Nuclear: A Made in Canada Climate Change Solution
What follows is an open letter whose signatures include Dr. James Hansen, Dr. Kerry Emanuel, Madeleine Redfern, Jay Harris, Dr. Geraldine Thomas and Zion Lights, among a great many others.
Canadians for Nuclear Energy, a grassroots group of environmentalists, and health and labour advocates, is joined by climate scientists and prominent figures from around the world in supporting Canadian nuclear energy as a keystone technology for climate mitigation and as a backbone of a green recovery in the aftermath of COVID-19.
Nuclear’s role in fighting climate change should not be controversial. In 2018, the Intergovernmental Panel on Climate Change (IPCC) made it clear that the world needs to dramatically increase nuclear energy to meet our climate commitments. All four of the decarbonization pathways examined by the IPCC, see a prominent role for nuclear power. Three pathways call for an increase of between 150-501 per cent.
Nuclear power emits no carbon dioxide (CO2) or air pollution. Its entire lifecycle carbon emissions are as low as wind and one-quarter that of solar, all without requiring battery or fossil fuel back up. Nuclear has a proven track record of displacing fossil fuels. In Ontario, nuclear energy provided 90 per cent of the power needed to phase out coal. Air quality improved dramatically, with smog days dropping to zero in 2014 from 53 in 2005. The Ontario Power Authority has called this the single greatest greenhouse-gas reduction measure in North America.
Beyond the health benefits of zero air pollution electricity, our nuclear fleet has played a vital role in fighting the COVID-19 pandemic. We produced enough Cobalt-60, a medical isotope specifically made in CANDU reactors, to sterilize 20-billion surgical gloves, masks or COVID-19 swabs in 2020.
Energy density is the secret to nuclear energy’s environmental benefits. Gram-for-gram nuclear fuel contains one-million times more energy than fossil fuels. As a result, nuclear requires a tiny fraction of the mining, processing, infrastructure and land, compared to every other source of energy including renewables. This energy density also means that the amount of waste created is very small. All of the spent nuclear fuel produced in Canada since the 1960s would fit inside one hockey rink piled up 30 feet, or less than one telephone pole high. Nuclear is the only energy source that fully isolates its waste from the environment and our spent nuclear fuel has been safely stored without harm to a single person in more than 60 years. Canada is well-positioned to be a climate leader with our home-grown nuclear technology, skilled nuclear workforce and experienced regulatory agencies. It's also good for our economy. Nuclear plants across Canada employ between 1,000-4,000 full-time workers each, most of them in high-quality, skilled, union jobs.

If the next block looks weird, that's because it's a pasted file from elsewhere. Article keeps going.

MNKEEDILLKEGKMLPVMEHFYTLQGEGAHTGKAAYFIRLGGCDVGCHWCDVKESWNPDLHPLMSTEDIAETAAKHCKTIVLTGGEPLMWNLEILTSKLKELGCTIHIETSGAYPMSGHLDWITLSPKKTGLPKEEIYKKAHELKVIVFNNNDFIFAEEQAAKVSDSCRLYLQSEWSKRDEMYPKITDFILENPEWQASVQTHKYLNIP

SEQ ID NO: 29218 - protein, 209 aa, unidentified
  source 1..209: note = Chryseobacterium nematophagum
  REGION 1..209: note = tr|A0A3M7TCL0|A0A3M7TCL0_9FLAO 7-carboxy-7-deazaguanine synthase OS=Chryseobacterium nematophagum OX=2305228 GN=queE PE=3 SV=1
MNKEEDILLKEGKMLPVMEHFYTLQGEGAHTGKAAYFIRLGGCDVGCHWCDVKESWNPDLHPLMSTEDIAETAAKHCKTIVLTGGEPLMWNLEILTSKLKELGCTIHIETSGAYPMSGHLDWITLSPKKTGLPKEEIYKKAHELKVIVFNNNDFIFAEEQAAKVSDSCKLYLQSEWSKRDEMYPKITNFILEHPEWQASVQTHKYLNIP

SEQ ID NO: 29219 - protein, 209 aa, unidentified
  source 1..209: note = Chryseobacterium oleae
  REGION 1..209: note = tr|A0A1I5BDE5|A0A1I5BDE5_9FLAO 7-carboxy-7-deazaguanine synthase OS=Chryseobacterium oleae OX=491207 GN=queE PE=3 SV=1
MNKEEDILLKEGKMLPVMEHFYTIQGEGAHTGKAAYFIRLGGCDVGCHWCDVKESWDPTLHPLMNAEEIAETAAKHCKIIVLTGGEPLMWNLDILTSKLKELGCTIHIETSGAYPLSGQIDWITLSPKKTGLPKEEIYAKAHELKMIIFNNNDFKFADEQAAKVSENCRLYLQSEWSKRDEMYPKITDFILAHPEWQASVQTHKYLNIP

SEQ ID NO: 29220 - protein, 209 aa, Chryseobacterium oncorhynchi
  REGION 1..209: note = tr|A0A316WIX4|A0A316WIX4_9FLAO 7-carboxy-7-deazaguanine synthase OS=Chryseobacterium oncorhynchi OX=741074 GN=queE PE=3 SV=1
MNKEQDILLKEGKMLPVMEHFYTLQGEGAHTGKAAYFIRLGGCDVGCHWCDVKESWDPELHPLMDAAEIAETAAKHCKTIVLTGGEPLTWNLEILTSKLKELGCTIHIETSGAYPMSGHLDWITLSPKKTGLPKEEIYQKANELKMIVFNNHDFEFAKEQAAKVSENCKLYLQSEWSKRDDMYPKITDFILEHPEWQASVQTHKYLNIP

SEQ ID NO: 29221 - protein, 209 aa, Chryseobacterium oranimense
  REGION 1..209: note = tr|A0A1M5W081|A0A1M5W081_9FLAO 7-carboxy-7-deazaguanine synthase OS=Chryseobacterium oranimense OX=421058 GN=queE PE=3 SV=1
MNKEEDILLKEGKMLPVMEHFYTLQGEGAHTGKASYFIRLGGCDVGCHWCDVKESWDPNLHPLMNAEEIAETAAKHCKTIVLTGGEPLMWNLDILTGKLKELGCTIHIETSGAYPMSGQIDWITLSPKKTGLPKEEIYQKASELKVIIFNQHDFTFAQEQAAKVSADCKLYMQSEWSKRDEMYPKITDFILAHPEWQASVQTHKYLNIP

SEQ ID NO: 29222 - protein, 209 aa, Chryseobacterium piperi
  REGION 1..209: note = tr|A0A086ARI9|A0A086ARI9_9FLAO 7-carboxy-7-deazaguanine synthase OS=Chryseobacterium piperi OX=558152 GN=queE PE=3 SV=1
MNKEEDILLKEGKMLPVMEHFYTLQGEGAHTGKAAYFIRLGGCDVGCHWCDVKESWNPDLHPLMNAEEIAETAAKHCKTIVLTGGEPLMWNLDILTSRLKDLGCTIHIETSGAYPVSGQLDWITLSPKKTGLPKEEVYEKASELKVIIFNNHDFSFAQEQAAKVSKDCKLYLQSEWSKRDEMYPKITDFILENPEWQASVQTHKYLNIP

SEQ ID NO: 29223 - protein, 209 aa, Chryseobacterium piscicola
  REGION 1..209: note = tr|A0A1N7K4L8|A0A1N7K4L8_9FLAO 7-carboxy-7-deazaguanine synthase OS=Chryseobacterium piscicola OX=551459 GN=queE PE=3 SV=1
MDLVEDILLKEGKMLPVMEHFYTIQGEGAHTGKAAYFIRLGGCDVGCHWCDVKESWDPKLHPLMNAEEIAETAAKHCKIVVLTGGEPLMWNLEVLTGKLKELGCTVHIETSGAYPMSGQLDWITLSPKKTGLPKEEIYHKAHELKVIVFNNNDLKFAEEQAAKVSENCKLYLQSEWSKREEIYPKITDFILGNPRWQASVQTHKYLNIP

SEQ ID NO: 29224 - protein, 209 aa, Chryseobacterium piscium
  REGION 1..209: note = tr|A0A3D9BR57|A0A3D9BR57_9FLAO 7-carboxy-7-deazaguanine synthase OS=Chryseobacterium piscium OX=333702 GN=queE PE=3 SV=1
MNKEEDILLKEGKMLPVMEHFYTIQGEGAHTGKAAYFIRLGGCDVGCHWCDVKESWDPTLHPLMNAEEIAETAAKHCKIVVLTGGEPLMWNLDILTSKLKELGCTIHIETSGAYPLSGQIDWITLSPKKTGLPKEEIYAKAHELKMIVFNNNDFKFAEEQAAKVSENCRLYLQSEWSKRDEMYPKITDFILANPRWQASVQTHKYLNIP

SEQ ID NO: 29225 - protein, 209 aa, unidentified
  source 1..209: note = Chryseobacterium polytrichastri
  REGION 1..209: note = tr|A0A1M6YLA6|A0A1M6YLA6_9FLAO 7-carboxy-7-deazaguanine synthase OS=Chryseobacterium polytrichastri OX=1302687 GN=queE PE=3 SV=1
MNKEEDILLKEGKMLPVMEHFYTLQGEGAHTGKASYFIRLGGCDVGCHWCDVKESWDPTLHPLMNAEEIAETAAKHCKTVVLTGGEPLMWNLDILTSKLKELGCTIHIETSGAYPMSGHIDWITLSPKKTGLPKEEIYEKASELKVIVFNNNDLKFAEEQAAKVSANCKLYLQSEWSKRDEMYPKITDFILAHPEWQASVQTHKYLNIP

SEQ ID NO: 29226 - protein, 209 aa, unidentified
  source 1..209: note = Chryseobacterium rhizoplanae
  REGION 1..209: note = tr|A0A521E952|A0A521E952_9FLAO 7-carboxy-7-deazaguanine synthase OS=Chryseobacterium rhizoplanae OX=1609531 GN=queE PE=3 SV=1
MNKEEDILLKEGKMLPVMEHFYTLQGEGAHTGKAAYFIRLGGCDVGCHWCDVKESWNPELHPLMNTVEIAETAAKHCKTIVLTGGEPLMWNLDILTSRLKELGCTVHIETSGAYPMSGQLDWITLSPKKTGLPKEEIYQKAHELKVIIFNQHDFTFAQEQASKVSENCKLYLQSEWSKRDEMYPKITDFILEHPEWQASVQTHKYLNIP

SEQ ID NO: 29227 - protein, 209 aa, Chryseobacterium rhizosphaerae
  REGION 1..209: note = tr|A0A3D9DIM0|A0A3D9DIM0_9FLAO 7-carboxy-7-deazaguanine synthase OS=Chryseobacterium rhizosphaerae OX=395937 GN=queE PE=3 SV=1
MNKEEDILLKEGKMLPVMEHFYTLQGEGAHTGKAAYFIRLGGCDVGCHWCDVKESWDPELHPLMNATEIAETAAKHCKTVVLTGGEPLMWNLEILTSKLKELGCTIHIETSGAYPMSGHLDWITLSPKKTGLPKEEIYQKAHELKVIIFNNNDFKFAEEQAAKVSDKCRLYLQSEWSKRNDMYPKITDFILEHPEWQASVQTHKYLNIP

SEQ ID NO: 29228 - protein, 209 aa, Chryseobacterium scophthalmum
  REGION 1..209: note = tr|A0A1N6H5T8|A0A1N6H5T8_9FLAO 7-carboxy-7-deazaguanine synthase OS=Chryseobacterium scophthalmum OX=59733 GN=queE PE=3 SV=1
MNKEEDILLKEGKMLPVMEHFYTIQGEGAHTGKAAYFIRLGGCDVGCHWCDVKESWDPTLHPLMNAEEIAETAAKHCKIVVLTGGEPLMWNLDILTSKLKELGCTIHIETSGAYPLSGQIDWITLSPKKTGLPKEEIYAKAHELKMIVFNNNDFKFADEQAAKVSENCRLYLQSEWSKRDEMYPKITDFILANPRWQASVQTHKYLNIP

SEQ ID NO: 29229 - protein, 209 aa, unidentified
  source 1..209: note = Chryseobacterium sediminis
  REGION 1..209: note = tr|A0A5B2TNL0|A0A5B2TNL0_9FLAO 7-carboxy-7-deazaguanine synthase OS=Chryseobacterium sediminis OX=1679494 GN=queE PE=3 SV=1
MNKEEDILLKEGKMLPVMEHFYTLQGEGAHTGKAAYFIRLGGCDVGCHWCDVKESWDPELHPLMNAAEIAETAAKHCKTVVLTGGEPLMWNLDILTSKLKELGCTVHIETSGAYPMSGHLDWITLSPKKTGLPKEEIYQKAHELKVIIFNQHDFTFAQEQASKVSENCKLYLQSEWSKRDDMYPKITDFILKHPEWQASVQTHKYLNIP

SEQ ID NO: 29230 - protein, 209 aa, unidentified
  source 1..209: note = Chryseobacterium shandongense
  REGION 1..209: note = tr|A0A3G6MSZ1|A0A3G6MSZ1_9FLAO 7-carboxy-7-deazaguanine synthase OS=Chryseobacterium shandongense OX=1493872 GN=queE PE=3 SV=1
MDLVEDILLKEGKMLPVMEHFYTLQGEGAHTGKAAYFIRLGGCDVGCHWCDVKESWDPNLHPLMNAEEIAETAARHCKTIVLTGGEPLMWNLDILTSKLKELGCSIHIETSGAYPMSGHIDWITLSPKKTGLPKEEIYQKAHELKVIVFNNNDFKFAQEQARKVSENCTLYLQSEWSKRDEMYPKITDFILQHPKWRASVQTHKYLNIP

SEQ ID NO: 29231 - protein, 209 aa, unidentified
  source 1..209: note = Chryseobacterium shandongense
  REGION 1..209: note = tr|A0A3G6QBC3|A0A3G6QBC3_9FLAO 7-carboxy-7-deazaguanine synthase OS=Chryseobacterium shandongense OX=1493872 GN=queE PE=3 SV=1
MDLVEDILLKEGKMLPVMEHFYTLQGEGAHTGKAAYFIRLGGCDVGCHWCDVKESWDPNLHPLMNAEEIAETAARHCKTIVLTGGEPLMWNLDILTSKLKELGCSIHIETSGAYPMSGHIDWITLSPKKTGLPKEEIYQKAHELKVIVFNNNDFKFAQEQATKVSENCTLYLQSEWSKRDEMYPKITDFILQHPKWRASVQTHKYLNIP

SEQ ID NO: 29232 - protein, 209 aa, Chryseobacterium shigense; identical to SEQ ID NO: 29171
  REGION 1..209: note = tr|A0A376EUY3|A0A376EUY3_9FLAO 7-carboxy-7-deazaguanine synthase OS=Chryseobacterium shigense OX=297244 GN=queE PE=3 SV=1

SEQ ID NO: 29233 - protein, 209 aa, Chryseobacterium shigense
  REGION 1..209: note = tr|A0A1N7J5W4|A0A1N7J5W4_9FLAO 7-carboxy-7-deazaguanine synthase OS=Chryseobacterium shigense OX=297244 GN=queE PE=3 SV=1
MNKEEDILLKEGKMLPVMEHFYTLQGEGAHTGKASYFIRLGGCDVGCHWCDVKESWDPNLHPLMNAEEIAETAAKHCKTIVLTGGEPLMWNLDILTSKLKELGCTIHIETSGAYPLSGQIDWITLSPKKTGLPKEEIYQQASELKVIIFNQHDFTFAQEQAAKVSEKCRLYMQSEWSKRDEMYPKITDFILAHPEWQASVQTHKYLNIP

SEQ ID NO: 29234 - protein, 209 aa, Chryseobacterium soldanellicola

In total, 60,000 Canadians are employed across our nuclear supply chain from our state-of-the-art uranium mining to the skilled trades people and engineers working at our nuclear generating stations. Canadian nuclear is 95-per-cent made-in-Canada, meaning almost every dollar spent on fighting climate change with nuclear stays within the Canadian economy. This is truly unique. It’s time to spread Ontario’s nuclear success story to high-emitting provinces, such as Alberta, Saskatchewan and Nova Scotia. Small modular reactors (SMR), in particular, will have a vital role to play in decarbonizing grids in less-populated provinces, and replacing air-polluting diesel generation in rural and remote communities, as well as in such sectors as mining. The SMR road map is an exciting step in that direction. We believe that Canada finds itself at a crossroads as it emerges from the economic challenges of COVID-19 into the ongoing crisis of climate change. In the context of the IPCC call for increasing nuclear energy, there is a highly-effective, made-in-Canada solution with a demonstrated track record of rapid and deep decarbonization. It's time to build on Canadian nuclear expertise and use nuclear energy to its full extent as a vital part of Canada’s climate-change response. Sincerely, Dr. James Hansen Director of Climate Science, Awareness and Solutions Program Columbia University Earth Institute Dr. Kerry Emanuel Professor of Atmospheric Science Massachusetts Institute of Technology Madeleine Redfern Former Mayor of Iqaluit President Ajungi Arctic Consulting Co-chief executive officer, CanArtic Inuit Networks Jay Harris Indigenous Energy Consultant Cowessess First Nation Andrew Weaver Former Leader of the Green Party of British Columbia Steven Pinker Cognitive psychologist, linguist and popular science author Carl Page Founder and President, Anthropocene Institute Paul Acchione Past-President of the Ontario Society of Professional Engineers Tom Hess Grid Operations Specialist and Trainer Former IESO Shift Supervisor Dr. Geraldine Thomas Chair in Molecular Pathology Faculty of Medicine Imperial College London Director of the Chernobyl Tissue Bank Wade Allison Emeritus Professor of Physics University of Oxford Dr. Douglas Boreham Division Head of Medical Sciences at the Northern Ontario School of Medicine Professor of Medical Physics and Applied Radiation Sciences Anton Van Der Merwe, MD PhD Molecular Immunologist Co-founder Doctors for Nuclear Energy Zion Lights Founder and Editor of Extinction Rebellion Hourglass newspaper UK director Environmental Progress Dr. John Hollingworth Founding member of Canadians Physicians for the Environment Kirsty Gogan Founder of Energy for Humanity Mark Watson Executive Assistant to the Executive Secretary-Treasurer IBEW Construction Council of Ontario Myles Sullivan Assistant to the Director United Steelworkers, District 6 Peter Moss President, United Steelworkers Local 1568 Dave Trumble Vice-President, Grey Bruce Labour Council Ross Galbraith Business Manager, IBEW Local 37 John Wabb, President Canadian Union of Skilled Workers